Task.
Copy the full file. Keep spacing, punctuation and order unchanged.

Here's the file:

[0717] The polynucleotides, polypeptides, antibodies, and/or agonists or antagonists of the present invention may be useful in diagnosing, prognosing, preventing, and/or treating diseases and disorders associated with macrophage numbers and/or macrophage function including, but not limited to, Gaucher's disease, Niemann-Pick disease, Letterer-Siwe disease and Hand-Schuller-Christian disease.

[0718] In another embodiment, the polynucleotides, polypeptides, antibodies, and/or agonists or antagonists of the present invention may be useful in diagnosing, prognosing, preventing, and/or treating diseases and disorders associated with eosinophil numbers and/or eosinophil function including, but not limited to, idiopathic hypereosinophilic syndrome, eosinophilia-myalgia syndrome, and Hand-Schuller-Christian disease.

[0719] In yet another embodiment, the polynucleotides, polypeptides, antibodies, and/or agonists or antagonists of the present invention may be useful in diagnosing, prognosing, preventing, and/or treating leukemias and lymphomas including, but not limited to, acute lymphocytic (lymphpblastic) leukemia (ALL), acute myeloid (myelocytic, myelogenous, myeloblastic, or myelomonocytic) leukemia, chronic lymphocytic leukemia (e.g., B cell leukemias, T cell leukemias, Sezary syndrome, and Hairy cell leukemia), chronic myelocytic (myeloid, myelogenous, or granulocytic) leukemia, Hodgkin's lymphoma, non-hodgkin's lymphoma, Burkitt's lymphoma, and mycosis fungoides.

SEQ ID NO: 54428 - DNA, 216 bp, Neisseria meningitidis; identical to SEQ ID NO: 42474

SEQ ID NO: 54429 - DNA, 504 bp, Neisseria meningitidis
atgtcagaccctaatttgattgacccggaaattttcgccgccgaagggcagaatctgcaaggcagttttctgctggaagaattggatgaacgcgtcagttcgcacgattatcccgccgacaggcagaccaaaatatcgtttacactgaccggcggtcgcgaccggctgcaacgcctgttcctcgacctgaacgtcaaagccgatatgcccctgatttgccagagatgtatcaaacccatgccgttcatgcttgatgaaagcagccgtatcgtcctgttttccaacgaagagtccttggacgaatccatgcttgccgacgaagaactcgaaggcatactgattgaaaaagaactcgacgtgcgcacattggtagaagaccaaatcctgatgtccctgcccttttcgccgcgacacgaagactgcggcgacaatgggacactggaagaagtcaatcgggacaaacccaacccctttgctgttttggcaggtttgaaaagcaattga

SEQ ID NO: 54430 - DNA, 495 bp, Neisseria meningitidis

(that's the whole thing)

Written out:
[0717] The polynucleotides, polypeptides, antibodies, and/or agonists or antagonists of the present invention may be useful in diagnosing, prognosing, preventing, and/or treating diseases and disorders associated with macrophage numbers and/or macrophage function including, but not limited to, Gaucher's disease, Niemann-Pick disease, Letterer-Siwe disease and Hand-Schuller-Christian disease.

[0718] In another embodiment, the polynucleotides, polypeptides, antibodies, and/or agonists or antagonists of the present invention may be useful in diagnosing, prognosing, preventing, and/or treating diseases and disorders associated with eosinophil numbers and/or eosinophil function including, but not limited to, idiopathic hypereosinophilic syndrome, eosinophilia-myalgia syndrome, and Hand-Schuller-Christian disease.

[0719] In yet another embodiment, the polynucleotides, polypeptides, antibodies, and/or agonists or antagonists of the present invention may be useful in diagnosing, prognosing, preventing, and/or treating leukemias and lymphomas including, but not limited to, acute lymphocytic (lymphpblastic) leukemia (ALL), acute myeloid (myelocytic, myelogenous, myeloblastic, or myelomonocytic) leukemia, chronic lymphocytic leukemia (e.g., B cell leukemias, T cell leukemias, Sezary syndrome, and Hairy cell leukemia), chronic myelocytic (myeloid, myelogenous, or granulocytic) leukemia, Hodgkin's lymphoma, non-hodgkin's lymphoma, Burkitt's lymphoma, and mycosis fungoides.

SEQ ID NO: 54428 - DNA, 216 bp, Neisseria meningitidis; identical to SEQ ID NO: 42474

SEQ ID NO: 54429 - DNA, 504 bp, Neisseria meningitidis
atgtcagaccctaatttgattgacccggaaattttcgccgccgaagggcagaatctgcaaggcagttttctgctggaagaattggatgaacgcgtcagttcgcacgattatcccgccgacaggcagaccaaaatatcgtttacactgaccggcggtcgcgaccggctgcaacgcctgttcctcgacctgaacgtcaaagccgatatgcccctgatttgccagagatgtatcaaacccatgccgttcatgcttgatgaaagcagccgtatcgtcctgttttccaacgaagagtccttggacgaatccatgcttgccgacgaagaactcgaaggcatactgattgaaaaagaactcgacgtgcgcacattggtagaagaccaaatcctgatgtccctgcccttttcgccgcgacacgaagactgcggcgacaatgggacactggaagaagtcaatcgggacaaacccaacccctttgctgttttggcaggtttgaaaagcaattga

SEQ ID NO: 54430 - DNA, 495 bp, Neisseria meningitidis